by Mary Lou Palmer


Since her son, Ben, died from a heroin overdose, Mary Lou Palmer has become an advocate for the legalisation of heroin. The following extract, written by Mary Lou with the assistance of Kirsty Simpson, comes from an article published in The Age on Saturday, 9th January 1999, entitled ‘Ben: How our drug laws failed him’.

Ben, our son, died on 6 October 1998, three months after his 21st birthday. He had been addicted to heroin for nearly two years. We were an ordinary middle-class family. Photo albums full of Christenings, birthday parties, kindergarten, nativity plays, Christmas Days, family picnics, beach holidays, school photos, confirmations. We nearly always had dinner at the table together, invited conversation on any topic, encouraged an active attitude of tolerance and understanding of people outside our comfort zone. We were totally committed to our marriage and our children.

It did not prevent us from slipping into a nightmare existence.

I was putting away some clothes of his in a drawer – I know he probably could have put his own away – and I saw a syringe. He was in the end of Year 11.

I didn’t want to accuse him, I didn’t want to drive him out. All the time I was conscious I didn’t want him out on the street, because his best option was in the safety of our environment.

So I bided my time. I decided I wanted him to get a thorough medical check-up, which he did. He was referred for tests. When they rang, Ben went white. For the first time he opened up. He said: ‘Mum I’m in deep shit. I’ve got Hep C.’ I went across the road to the chemist and got a brochure on hepatitis C and read it. Then I said: ‘Yes, I think we are.’

The stress is, of course, huge and there are many leads to follow, many options: good and bad. You are desperate but you have to use your common sense. You end up with files inches thick. You learn such things as heroin was first available over the counter in 1889 for general medicinal use as a cough suppressant and that it gives an intense feeling of pleasure.

At times I was envious of the feeling it produced – I wanted to feel the feeling as a release from the emotional pain and anxiety.

We had many heart-wrenching moments with Ben, too many to recount, but all are indelibly etched in my mind. Anxiety is the worst emotion in the world, I think. We were in a situation we had no control over – we could only adjust our sails in the prevailing winds.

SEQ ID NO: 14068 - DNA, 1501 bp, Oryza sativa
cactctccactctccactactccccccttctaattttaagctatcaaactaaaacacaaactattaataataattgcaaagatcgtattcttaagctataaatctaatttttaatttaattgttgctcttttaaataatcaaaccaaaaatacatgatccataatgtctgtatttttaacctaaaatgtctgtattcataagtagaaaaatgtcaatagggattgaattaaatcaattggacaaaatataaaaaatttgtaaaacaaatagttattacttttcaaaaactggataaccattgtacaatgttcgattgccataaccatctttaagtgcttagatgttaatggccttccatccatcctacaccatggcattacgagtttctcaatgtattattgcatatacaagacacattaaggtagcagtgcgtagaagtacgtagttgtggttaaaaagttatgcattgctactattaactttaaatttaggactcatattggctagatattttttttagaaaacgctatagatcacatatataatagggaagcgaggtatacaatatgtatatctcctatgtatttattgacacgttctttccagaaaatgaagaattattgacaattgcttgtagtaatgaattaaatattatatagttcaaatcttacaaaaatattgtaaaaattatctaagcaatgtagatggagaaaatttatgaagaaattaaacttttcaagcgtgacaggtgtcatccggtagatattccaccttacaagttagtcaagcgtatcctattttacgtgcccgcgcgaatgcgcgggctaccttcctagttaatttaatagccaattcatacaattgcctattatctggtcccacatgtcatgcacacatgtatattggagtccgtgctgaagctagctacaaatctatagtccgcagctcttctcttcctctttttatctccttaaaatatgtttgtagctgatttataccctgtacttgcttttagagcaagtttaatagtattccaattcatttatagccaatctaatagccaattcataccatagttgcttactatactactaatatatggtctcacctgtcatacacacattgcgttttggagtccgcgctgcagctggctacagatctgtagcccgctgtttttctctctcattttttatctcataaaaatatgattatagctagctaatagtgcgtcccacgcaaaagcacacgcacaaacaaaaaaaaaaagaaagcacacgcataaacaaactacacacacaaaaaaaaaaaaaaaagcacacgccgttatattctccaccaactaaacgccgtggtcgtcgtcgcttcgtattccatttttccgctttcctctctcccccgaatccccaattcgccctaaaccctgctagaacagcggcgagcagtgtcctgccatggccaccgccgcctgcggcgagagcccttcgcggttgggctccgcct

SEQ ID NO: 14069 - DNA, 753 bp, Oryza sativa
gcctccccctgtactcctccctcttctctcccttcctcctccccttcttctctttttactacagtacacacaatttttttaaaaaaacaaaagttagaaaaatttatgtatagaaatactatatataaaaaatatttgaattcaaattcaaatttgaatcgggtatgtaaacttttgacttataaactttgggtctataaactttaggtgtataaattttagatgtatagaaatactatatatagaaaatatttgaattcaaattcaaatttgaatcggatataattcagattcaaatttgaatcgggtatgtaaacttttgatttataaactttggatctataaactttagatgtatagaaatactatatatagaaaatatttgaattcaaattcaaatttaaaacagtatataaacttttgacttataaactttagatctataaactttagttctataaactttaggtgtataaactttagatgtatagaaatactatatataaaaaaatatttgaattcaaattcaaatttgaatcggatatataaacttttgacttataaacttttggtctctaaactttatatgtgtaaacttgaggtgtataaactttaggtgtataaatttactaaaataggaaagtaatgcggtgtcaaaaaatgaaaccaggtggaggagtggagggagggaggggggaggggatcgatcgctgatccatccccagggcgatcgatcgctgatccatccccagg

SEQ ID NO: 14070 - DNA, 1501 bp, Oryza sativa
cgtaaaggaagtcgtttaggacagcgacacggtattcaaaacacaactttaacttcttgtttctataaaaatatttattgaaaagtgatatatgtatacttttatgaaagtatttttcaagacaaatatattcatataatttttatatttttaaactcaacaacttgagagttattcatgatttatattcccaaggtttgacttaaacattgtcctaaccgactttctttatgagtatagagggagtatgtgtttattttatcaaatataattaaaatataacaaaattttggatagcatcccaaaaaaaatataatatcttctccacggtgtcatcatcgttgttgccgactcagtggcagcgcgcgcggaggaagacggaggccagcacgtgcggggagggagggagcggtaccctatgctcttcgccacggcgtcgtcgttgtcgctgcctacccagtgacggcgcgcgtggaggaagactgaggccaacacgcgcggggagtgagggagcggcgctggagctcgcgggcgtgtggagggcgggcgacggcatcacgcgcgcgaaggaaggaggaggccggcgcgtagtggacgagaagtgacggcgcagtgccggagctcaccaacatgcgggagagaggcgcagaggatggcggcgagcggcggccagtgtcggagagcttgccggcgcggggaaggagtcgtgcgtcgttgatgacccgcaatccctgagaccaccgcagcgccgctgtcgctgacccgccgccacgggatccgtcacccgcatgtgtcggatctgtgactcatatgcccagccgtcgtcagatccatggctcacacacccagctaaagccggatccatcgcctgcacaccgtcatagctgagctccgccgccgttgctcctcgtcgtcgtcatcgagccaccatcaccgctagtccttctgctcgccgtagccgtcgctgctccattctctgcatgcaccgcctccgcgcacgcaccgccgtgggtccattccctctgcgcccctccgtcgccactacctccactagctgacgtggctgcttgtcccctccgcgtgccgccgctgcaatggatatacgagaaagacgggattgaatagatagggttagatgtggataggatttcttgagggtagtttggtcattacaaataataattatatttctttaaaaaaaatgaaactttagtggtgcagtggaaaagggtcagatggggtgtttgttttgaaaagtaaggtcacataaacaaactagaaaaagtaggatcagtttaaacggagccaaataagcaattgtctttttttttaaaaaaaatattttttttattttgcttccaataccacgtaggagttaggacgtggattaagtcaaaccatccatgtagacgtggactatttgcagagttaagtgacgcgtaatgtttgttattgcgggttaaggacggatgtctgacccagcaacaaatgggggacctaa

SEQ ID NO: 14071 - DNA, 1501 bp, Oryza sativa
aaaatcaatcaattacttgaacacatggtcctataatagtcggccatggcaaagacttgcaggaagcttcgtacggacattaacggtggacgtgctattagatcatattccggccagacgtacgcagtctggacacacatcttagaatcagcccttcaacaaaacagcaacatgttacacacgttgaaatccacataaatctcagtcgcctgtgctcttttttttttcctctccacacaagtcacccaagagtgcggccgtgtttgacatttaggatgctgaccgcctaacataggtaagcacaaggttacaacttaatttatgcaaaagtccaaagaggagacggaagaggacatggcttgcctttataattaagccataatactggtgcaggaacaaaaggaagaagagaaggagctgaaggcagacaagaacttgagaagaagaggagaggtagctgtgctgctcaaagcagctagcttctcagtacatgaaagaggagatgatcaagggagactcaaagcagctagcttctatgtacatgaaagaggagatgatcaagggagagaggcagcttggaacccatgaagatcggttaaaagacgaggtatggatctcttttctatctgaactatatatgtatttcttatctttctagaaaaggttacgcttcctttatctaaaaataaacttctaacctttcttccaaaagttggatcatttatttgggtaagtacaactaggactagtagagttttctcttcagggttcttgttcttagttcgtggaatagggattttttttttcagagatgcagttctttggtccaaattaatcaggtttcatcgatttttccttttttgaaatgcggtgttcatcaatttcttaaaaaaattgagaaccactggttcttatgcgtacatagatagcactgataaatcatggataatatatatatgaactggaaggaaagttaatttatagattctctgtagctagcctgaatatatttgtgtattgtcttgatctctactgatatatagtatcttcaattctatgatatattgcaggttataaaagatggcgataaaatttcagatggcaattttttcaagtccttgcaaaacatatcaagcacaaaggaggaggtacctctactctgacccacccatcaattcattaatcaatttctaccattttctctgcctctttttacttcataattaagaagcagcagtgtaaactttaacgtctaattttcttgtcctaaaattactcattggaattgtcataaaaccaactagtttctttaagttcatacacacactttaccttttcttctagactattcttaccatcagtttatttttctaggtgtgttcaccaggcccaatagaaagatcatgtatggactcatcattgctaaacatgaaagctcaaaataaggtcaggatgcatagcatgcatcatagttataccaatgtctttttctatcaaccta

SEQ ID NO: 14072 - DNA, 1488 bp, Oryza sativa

One night I woke to hear my husband quietly sobbing on his side of the bed. One day in the Botanical Gardens in a secluded area we sat and held each other and wept tears of utter despair. We had run out of options and no one could help us, we had tried everything. But, of course, you don’t give up. Ben said one night: ‘Mum, let go’. I told him giving up was not in a mother’s job description.

In the end you realise that you didn’t cause it, you can’t control it and you can’t cure it. Only they can. In the end we realised we could only help Ben by helping ourselves. We joined a small group of seven people. It was incredibly helpful. It taught me that you can’t change other people’s behaviour, only your own. That may force a change in the other person. It drove home the fact that we are all responsible for our own behaviour, thereby eliminating any feelings of guilt. It taught me that assuming responsibility for someone else’s behaviour makes them feel inadequate and hopeless.

I would like to put forward some ideas I have had for a while. I believe legalisation is the only way to go. We have to eliminate the criminal element in heroin. If Ben had had access to a medically supervised dose to suit his detoxed clean system he might not be dead now. Street heroin is unreliable in its strength and content.

On 5 October at 11:45am we were taken into intensive care at the Royal Melbourne Hospital to see eight doctors and nurses work for almost 12 hours to stabilise Ben. He was treated with such care and dignity and we received such kindness, compassion and professionalism.

Five friends from school came in; boys who had stayed close. I stood aside as one by one they put their arms around him shed tears and whispered their own special goodbye to him.

Ben died at 5pm Tuesday 6th October 1998 surrounded by people who loved him. I bathed him and we said goodbye. I remembered, for no particular reason, the Father’s Day card Ben chose for Ian the previous month. It said: ‘I was never an easy child – the great ones never are.’

When we arrived at the church for the service on the 9th, we could not believe the huge number of people – nearly 500. We didn’t know that many people cared about us so deeply. It was the most tragic week of our lives but the most privileged. We were on the receiving end of humanity at its best.

Friends sent us this poem with their condolence letter.

To mourn too long
For those we love is self-indulgent
But to honour their memory
With a promise
To live a little better
For having known them
Gives purpose to their life
And some reason
For their death

Our young are at war but it is not on foreign dirt; it is in our streets and our homes. And we are paying a very high price. We are losing the potentially productive middle section of our society.

I want to make a difference – I want the carnage to stop. I don’t want to go to another young person’s funeral. 

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